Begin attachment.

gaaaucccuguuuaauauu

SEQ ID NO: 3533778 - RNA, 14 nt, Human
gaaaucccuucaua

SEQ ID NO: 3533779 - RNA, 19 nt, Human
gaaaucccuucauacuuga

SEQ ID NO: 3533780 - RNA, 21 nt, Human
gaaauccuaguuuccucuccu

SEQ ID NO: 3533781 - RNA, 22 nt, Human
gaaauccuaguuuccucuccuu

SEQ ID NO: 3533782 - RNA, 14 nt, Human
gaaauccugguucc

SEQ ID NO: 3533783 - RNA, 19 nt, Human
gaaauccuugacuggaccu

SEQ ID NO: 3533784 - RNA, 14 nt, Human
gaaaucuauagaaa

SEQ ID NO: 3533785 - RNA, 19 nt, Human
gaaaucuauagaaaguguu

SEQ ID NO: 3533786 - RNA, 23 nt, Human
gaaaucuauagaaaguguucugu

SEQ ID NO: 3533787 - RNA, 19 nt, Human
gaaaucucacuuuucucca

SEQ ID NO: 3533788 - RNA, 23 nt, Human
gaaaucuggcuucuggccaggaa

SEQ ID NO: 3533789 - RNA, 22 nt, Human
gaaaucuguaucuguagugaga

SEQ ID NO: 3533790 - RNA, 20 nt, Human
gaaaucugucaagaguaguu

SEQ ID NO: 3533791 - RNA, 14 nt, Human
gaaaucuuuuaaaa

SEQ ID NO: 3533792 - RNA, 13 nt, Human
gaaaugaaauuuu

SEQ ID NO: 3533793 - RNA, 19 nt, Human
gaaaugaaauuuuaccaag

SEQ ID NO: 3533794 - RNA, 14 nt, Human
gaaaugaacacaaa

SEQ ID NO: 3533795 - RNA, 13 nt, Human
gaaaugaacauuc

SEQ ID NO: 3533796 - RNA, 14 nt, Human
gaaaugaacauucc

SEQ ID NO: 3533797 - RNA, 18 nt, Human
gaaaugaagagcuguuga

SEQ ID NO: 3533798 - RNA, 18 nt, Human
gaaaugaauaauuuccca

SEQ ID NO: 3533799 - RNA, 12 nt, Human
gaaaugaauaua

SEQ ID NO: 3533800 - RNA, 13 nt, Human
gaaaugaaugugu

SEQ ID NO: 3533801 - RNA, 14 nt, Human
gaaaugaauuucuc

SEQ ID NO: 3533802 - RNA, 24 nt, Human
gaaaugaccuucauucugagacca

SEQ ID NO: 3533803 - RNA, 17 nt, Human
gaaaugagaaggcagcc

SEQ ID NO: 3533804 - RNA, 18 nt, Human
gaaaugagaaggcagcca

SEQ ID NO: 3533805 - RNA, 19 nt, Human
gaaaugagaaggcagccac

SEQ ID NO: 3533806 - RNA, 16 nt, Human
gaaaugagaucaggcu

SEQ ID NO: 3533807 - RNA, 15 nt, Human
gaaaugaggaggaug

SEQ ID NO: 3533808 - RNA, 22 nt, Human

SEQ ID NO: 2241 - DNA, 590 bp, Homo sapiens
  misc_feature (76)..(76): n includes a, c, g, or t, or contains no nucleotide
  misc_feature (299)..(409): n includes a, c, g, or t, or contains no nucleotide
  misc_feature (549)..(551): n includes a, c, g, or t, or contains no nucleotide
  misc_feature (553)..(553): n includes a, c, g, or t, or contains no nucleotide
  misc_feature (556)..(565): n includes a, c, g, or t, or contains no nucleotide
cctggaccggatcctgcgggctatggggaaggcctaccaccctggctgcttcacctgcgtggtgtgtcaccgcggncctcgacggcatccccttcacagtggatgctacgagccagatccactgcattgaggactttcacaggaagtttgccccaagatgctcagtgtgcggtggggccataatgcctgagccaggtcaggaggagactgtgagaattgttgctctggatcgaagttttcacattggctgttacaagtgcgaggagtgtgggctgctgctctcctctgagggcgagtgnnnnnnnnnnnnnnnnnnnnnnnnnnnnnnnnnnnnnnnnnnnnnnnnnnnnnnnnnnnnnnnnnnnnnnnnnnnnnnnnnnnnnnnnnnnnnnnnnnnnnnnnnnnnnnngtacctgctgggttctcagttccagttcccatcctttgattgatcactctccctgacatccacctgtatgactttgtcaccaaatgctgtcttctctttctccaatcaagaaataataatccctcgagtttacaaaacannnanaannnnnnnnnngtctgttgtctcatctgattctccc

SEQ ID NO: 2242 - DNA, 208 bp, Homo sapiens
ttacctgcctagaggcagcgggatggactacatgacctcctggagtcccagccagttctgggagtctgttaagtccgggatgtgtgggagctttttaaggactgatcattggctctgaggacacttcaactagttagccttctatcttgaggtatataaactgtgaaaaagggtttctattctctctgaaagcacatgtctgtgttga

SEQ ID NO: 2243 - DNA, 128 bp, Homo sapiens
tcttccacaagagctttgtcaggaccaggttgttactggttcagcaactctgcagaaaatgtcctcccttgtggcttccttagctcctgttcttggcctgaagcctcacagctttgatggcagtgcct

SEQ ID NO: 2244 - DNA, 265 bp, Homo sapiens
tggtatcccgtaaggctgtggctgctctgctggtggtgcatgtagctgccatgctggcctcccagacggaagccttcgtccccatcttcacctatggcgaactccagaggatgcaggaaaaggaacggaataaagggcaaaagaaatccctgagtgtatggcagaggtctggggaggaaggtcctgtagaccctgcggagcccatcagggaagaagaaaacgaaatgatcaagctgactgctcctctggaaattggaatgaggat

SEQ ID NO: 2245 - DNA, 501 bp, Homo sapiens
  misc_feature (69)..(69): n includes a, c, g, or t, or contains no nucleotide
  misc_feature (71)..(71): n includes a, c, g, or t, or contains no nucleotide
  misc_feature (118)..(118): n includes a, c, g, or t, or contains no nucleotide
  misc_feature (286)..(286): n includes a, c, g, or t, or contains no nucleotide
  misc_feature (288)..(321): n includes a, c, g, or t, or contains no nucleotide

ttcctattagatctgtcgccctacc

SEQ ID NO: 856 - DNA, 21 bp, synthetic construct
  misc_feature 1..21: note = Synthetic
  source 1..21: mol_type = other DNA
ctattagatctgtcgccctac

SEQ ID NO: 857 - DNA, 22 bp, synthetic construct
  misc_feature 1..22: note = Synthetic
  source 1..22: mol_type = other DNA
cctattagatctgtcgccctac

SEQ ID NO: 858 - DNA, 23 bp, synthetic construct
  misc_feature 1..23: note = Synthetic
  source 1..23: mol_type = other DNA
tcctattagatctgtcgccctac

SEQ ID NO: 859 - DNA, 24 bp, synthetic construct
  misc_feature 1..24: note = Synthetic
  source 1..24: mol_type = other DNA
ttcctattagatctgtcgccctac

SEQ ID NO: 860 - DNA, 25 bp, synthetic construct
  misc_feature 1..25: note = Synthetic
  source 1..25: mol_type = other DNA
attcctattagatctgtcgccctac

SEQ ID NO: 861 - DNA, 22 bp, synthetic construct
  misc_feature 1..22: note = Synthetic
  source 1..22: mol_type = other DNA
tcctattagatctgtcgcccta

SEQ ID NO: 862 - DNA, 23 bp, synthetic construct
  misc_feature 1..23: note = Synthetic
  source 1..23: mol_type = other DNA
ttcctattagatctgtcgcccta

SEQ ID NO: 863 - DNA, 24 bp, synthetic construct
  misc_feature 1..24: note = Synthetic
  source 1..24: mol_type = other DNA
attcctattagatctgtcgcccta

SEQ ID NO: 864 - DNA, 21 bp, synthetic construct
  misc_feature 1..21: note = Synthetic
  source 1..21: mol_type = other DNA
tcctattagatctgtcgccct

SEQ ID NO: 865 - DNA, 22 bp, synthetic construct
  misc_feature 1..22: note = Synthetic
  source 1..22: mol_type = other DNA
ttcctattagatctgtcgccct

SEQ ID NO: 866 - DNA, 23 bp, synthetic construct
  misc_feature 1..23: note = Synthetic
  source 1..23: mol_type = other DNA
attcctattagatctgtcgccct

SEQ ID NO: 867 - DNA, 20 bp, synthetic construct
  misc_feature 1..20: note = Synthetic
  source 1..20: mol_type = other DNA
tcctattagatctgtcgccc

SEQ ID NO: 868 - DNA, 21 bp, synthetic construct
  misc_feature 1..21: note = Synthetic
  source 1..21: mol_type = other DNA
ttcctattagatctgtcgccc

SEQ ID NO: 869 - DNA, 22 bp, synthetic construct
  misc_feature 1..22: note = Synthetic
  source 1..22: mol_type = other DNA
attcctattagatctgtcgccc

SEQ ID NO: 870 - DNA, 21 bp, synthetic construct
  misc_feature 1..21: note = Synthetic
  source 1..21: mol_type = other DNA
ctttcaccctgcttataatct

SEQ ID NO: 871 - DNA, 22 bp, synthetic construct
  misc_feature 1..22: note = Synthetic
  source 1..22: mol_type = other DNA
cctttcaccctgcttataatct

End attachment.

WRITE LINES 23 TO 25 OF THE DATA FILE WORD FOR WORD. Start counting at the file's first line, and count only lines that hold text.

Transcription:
gaaaucuggcuucuggccaggaa

SEQ ID NO: 3533789 - RNA, 22 nt, Human
gaaaucuguaucuguagugaga